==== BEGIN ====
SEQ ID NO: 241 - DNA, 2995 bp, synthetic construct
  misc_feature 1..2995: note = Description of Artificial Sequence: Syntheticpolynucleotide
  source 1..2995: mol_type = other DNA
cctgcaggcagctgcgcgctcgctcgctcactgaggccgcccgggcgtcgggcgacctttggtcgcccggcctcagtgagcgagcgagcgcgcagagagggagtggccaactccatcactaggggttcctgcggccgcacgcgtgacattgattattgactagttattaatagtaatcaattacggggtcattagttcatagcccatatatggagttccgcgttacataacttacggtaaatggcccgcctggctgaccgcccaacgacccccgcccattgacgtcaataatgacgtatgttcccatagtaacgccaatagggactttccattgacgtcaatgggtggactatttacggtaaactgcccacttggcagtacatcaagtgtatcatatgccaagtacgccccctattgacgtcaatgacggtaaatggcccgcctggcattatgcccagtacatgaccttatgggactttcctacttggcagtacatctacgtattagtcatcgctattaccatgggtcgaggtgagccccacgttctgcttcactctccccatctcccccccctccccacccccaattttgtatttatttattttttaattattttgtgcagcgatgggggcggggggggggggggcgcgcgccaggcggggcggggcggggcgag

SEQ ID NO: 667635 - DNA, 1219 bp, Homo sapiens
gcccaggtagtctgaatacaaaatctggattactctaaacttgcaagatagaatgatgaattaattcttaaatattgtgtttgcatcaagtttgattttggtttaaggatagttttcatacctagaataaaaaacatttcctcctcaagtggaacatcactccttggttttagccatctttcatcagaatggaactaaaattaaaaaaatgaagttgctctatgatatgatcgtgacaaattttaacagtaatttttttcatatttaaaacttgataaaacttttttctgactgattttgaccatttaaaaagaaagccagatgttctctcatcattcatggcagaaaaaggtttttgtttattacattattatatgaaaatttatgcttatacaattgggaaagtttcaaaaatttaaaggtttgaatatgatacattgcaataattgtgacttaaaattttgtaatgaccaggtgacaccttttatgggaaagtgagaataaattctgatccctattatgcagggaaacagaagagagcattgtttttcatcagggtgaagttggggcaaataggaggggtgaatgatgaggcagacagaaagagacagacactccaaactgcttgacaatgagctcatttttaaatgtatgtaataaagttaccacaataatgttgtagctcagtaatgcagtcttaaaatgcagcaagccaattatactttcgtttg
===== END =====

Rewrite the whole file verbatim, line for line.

SEQ ID NO: 241 - DNA, 2995 bp, synthetic construct
  misc_feature 1..2995: note = Description of Artificial Sequence: Syntheticpolynucleotide
  source 1..2995: mol_type = other DNA
cctgcaggcagctgcgcgctcgctcgctcactgaggccgcccgggcgtcgggcgacctttggtcgcccggcctcagtgagcgagcgagcgcgcagagagggagtggccaactccatcactaggggttcctgcggccgcacgcgtgacattgattattgactagttattaatagtaatcaattacggggtcattagttcatagcccatatatggagttccgcgttacataacttacggtaaatggcccgcctggctgaccgcccaacgacccccgcccattgacgtcaataatgacgtatgttcccatagtaacgccaatagggactttccattgacgtcaatgggtggactatttacggtaaactgcccacttggcagtacatcaagtgtatcatatgccaagtacgccccctattgacgtcaatgacggtaaatggcccgcctggcattatgcccagtacatgaccttatgggactttcctacttggcagtacatctacgtattagtcatcgctattaccatgggtcgaggtgagccccacgttctgcttcactctccccatctcccccccctccccacccccaattttgtatttatttattttttaattattttgtgcagcgatgggggcggggggggggggggcgcgcgccaggcggggcggggcggggcgag

SEQ ID NO: 667635 - DNA, 1219 bp, Homo sapiens
gcccaggtagtctgaatacaaaatctggattactctaaacttgcaagatagaatgatgaattaattcttaaatattgtgtttgcatcaagtttgattttggtttaaggatagttttcatacctagaataaaaaacatttcctcctcaagtggaacatcactccttggttttagccatctttcatcagaatggaactaaaattaaaaaaatgaagttgctctatgatatgatcgtgacaaattttaacagtaatttttttcatatttaaaacttgataaaacttttttctgactgattttgaccatttaaaaagaaagccagatgttctctcatcattcatggcagaaaaaggtttttgtttattacattattatatgaaaatttatgcttatacaattgggaaagtttcaaaaatttaaaggtttgaatatgatacattgcaataattgtgacttaaaattttgtaatgaccaggtgacaccttttatgggaaagtgagaataaattctgatccctattatgcagggaaacagaagagagcattgtttttcatcagggtgaagttggggcaaataggaggggtgaatgatgaggcagacagaaagagacagacactccaaactgcttgacaatgagctcatttttaaatgtatgtaataaagttaccacaataatgttgtagctcagtaatgcagtcttaaaatgcagcaagccaattatactttcgtttg